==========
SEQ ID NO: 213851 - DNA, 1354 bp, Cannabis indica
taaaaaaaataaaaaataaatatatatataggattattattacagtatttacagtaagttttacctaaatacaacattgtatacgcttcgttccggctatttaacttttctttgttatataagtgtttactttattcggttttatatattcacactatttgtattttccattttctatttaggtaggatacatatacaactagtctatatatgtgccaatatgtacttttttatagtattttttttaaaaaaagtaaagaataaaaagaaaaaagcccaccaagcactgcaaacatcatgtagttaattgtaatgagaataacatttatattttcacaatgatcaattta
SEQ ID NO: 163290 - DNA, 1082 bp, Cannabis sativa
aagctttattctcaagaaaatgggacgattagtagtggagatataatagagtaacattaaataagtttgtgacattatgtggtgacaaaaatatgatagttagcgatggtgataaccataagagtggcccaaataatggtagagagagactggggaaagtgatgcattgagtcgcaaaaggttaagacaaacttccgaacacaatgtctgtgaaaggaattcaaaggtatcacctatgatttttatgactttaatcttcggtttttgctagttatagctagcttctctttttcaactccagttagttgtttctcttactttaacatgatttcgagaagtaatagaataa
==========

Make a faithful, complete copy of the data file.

SEQ ID NO: 213851 - DNA, 1354 bp, Cannabis indica
taaaaaaaataaaaaataaatatatatataggattattattacagtatttacagtaagttttacctaaatacaacattgtatacgcttcgttccggctatttaacttttctttgttatataagtgtttactttattcggttttatatattcacactatttgtattttccattttctatttaggtaggatacatatacaactagtctatatatgtgccaatatgtacttttttatagtattttttttaaaaaaagtaaagaataaaaagaaaaaagcccaccaagcactgcaaacatcatgtagttaattgtaatgagaataacatttatattttcacaatgatcaattta
SEQ ID NO: 163290 - DNA, 1082 bp, Cannabis sativa
aagctttattctcaagaaaatgggacgattagtagtggagatataatagagtaacattaaataagtttgtgacattatgtggtgacaaaaatatgatagttagcgatggtgataaccataagagtggcccaaataatggtagagagagactggggaaagtgatgcattgagtcgcaaaaggttaagacaaacttccgaacacaatgtctgtgaaaggaattcaaaggtatcacctatgatttttatgactttaatcttcggtttttgctagttatagctagcttctctttttcaactccagttagttgtttctcttactttaacatgatttcgagaagtaatagaataa